Thursday, December 27, 2012
Dave has been working like crazy to create a beautiful video for me, showing images of my projects from Noah's book (see Day 356), to celebrate the end of a year of making things. We will post it on or around the 30th.
Wednesday, December 26, 2012
This is what it looks like around here today!
Tuesday, December 25, 2012
Monday, December 24, 2012
This cityscape is constructed of pieces of wood that I use to make my WordKeepers and other things I sell at shows. The scene was really hard to photograph. I took many photos before deciding on this view. I then, very roughly, used Photoshop to scrub out the background. I like the effect because it looks like a cloudy sky. Then I messed around with a bunch of effects in Picasa.
Sunday, December 23, 2012
For this project I had planned to ask them if they would pose for me on the verge of a kiss. Good sports that they are, and both game to have fun and ham it up at the drop of a hat, they readily agreed to help me out. It just so happened that Lois had some red wax lips in her purse. This may seem strange to those of you who don't know my sister, but for those of you who do, you probably aren't surprised at all!
Saturday, December 22, 2012
I thought of working from this photo to produce a painting, and maybe I will do that in the future, but here instead, I've let the computer do in a split second what it would take me hours, days, to paint with obsessive meticulousness.
There was SOME creativity involved. I spent some time finding the right photo. I played around with the colors and the size of the grid.
I was thinking, also, what a great quilt this would be, if I could find, or perhaps dye the fabric with such subtle variations in hue and value. Wouldn't that be neat? (Maybe it will appear on my 2013 blog, which I'm considering calling 'On Creative Days'.)
Friday, December 21, 2012
I made a color copy of the back of my 2013 calendar with the thumbnails of each month's illustration, showing many of my year's projects. I cut them out and pasted them to the book, hand lettered the title on a white label and stuck that on and covered everything with packaging tape.
You can see the original design of Noah's book here ~
365: A Daily Creativity Journal is available now at your local independently owned bookstore via IndieBound or online at
Better World Books
Barnes & Noble
Thursday, December 20, 2012
Day 355 ~ Take two things that don't go together and find a way to make half of one and half of the other fit together into one new thing.
Wednesday, December 19, 2012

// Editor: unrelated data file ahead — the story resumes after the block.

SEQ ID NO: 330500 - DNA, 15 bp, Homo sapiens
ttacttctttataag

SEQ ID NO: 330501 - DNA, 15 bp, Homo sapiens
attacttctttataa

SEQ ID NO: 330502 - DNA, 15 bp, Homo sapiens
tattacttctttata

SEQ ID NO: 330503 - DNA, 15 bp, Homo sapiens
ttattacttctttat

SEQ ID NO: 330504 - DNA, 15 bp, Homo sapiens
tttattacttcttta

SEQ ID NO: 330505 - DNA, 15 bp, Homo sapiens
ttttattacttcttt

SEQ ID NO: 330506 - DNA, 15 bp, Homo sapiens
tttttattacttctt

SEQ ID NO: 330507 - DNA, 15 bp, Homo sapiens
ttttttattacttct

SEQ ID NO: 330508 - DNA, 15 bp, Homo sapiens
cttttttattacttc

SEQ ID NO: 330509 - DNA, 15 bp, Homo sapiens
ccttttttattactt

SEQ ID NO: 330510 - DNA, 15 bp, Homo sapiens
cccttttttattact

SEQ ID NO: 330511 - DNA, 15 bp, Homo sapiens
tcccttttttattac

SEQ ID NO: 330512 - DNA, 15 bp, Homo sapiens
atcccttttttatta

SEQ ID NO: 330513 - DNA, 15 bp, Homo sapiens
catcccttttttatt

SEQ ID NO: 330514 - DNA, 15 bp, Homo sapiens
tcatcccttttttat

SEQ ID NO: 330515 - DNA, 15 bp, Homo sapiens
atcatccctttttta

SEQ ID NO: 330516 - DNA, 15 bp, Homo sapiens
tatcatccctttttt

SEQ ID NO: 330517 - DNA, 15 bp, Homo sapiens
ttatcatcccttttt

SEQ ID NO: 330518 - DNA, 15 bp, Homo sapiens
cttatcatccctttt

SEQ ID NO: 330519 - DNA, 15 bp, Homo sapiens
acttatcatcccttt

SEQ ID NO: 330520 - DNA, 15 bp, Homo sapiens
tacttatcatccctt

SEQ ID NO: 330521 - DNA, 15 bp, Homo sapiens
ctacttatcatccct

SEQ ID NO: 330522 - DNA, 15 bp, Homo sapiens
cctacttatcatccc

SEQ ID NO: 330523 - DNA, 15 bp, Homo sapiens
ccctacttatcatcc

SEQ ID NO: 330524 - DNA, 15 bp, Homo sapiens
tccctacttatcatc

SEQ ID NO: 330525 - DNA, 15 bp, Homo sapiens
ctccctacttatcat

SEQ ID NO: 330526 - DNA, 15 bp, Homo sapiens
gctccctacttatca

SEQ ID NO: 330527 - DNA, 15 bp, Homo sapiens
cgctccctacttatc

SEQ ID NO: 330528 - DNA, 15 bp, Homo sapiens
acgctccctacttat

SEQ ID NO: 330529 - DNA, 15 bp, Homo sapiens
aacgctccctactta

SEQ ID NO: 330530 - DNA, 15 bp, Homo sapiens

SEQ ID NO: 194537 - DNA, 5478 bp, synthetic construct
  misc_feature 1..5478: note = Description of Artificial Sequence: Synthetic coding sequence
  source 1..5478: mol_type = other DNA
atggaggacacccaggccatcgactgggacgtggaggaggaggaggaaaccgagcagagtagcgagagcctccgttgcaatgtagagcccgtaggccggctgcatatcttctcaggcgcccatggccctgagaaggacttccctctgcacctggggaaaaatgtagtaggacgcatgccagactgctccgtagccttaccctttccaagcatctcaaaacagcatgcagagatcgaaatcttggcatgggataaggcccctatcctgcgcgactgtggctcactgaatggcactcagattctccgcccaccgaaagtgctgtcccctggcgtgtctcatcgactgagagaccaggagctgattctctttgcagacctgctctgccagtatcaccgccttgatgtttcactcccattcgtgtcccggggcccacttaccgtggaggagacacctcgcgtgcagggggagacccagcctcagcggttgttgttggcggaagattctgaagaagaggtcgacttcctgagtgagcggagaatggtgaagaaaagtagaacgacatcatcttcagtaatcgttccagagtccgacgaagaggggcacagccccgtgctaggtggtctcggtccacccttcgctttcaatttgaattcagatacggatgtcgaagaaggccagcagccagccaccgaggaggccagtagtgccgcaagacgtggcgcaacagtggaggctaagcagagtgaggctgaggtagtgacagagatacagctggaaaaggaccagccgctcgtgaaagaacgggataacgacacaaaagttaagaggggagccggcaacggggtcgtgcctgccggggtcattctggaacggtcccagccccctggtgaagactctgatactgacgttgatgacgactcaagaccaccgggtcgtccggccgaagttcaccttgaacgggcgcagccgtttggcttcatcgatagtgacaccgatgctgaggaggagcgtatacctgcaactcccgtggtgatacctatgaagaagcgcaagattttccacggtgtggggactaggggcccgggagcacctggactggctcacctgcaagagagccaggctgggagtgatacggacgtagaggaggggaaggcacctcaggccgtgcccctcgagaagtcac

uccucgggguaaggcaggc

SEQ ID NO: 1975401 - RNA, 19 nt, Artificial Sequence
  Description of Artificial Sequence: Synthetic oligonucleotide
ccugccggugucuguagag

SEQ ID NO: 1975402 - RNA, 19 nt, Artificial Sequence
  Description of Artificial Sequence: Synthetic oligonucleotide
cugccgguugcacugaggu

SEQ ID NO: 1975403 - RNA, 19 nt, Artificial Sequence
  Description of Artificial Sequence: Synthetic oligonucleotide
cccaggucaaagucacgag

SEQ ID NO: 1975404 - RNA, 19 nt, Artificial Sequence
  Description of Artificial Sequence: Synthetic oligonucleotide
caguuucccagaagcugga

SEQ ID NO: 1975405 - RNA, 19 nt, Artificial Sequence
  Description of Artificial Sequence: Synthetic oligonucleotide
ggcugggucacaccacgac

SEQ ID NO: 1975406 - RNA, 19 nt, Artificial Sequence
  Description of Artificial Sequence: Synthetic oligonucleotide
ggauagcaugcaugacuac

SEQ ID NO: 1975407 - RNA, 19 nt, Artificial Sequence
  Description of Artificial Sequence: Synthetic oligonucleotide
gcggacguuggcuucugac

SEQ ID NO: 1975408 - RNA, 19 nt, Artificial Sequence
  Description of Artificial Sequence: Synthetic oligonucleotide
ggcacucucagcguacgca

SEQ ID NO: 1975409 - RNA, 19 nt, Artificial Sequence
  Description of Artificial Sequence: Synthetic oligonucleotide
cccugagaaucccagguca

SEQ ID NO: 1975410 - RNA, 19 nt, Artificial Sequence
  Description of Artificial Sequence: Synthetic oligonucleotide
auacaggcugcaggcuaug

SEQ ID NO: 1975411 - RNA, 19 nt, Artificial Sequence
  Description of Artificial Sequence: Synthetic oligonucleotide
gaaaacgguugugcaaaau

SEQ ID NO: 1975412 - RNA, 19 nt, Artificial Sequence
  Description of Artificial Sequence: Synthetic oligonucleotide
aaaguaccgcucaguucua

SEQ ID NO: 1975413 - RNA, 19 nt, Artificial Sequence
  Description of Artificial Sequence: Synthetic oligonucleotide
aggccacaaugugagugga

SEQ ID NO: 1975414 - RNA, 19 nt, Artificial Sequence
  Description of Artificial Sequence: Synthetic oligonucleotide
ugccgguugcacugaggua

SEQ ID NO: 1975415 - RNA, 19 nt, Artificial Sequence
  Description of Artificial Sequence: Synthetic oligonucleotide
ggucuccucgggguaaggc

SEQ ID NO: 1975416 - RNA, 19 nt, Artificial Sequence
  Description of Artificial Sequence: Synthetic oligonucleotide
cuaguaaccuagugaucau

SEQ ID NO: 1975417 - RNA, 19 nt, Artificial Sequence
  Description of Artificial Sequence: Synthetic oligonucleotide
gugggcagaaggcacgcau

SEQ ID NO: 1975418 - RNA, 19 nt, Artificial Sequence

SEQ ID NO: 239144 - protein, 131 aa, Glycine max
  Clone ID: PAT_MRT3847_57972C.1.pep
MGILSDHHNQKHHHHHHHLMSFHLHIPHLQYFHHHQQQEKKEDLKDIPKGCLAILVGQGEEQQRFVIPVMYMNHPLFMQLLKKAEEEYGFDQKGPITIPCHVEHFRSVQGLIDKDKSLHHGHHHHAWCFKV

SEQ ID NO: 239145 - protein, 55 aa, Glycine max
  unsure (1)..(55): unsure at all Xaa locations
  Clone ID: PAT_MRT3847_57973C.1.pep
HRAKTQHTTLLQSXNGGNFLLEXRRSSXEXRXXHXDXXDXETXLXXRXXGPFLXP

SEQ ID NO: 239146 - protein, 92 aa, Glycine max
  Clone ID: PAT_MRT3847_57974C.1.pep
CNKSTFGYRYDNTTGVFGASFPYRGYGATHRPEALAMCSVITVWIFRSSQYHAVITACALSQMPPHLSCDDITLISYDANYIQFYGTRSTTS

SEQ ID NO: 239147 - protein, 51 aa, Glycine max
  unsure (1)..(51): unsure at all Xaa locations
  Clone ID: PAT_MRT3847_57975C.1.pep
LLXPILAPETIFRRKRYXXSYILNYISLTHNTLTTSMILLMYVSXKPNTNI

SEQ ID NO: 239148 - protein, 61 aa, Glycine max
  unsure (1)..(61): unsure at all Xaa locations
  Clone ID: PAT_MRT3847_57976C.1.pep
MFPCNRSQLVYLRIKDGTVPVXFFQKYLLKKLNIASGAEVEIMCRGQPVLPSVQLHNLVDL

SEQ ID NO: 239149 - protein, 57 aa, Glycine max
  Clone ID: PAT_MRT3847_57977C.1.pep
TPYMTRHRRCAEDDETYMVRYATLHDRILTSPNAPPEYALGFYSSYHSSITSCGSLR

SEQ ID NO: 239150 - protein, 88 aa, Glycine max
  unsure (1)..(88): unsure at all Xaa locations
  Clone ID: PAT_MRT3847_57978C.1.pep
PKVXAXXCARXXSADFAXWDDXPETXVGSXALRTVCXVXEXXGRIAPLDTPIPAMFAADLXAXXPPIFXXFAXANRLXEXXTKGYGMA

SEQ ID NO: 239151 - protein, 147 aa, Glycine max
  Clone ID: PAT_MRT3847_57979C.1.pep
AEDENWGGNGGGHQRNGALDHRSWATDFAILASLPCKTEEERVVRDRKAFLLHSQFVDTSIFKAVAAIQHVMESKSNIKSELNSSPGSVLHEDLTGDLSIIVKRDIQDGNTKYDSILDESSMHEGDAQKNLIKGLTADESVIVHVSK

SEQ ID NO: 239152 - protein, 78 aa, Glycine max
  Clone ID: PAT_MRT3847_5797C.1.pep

Tuesday, December 18, 2012
Another addition to my stable of horses of other colors. Made pretty much the same way as those on the other days. A paper core secured with masking tape. Here I painted the horse gold with acrylic instead of gluing fabric to the base. Then wrapped in gold chenille yarn. Gold beads for nostrils. Gold thread for mane and tail. 6”tall.
Monday, December 17, 2012
I took the image, loosely interpreted, from a book I have called Painted Delights, featuring Indian paintings from the Philadelphia Museum collection. This was from a watercolor called "The Meeting" painted around 1780.
Sunday, December 16, 2012
New one comes next week. Not a smart phone, though. I guess I'll have to try to be the smart one and remember to take it out of my pocket before throwing my slacks in the wash!
Saturday, December 15, 2012
I don't know anyone who has more fun painting than Tobey. He loves big canvases and lots of room to splash paint. So when he gives me an unfinished piece to play with I pick up the same energy and go for it. A very different experience from my normally careful, small stuff.
This is a 6' square drop cloth, with acrylic, house paint, charcoal and tissue paper adhered with acrylic medium.
Friday, December 14, 2012
Made fresh just about every hour of every day by my two girls, YoYo and Bela, these “meadow muffins” attracted beautiful butterflies all summer. We might not think of these items as being particularly appetizing, but the butterflies sure did. These photos are some that I took during the warmer months of this year in anticipation of this day’s project.
Thursday, December 13, 2012
Wednesday, December 12, 2012
Tuesday, December 11, 2012
Monday, December 10, 2012
Sunday, December 9, 2012
I worked on this today at the show. It's a watercolor with ink. The original is 7X10, so that it folds to a 5X7 card.
Saturday, December 8, 2012
And the show hasn't really been all that bad. I've talked to lots of great folks and, because I have my calendars there for sale, I've been explaining the project that inspired them by telling many people about Noah's fabulous and fun book!!
Friday, December 7, 2012
Actually, it wasn't so bad. Saw lots of nice people and did sell enough to almost cover my booth fee so if tomorrow and Sunday are decent I'll be happy!
Thursday, December 6, 2012
Happy Birthday to my niece, Jackie!
Made with water soluble oil pastels and ink on watercolor paper, mimosa sticks and sewing thread.
I’ve done a number of mobile-like things over this year on Days 115, 122, 145, 178, 284 and 304. They’re fun to engineer and to mess with until the balance is just right.
Wednesday, December 5, 2012
Tuesday, December 4, 2012
Monday, December 3, 2012
Sunday, December 2, 2012
Saturday, December 1, 2012
Friday, November 30, 2012
Thursday, November 29, 2012
Today is the birthday of my friend Emily. I made this to post on her Facebook wall, but her account has been suddenly deactivated. Bummer. Oh well, Emily, if you happen to see this, I hope you have a great day!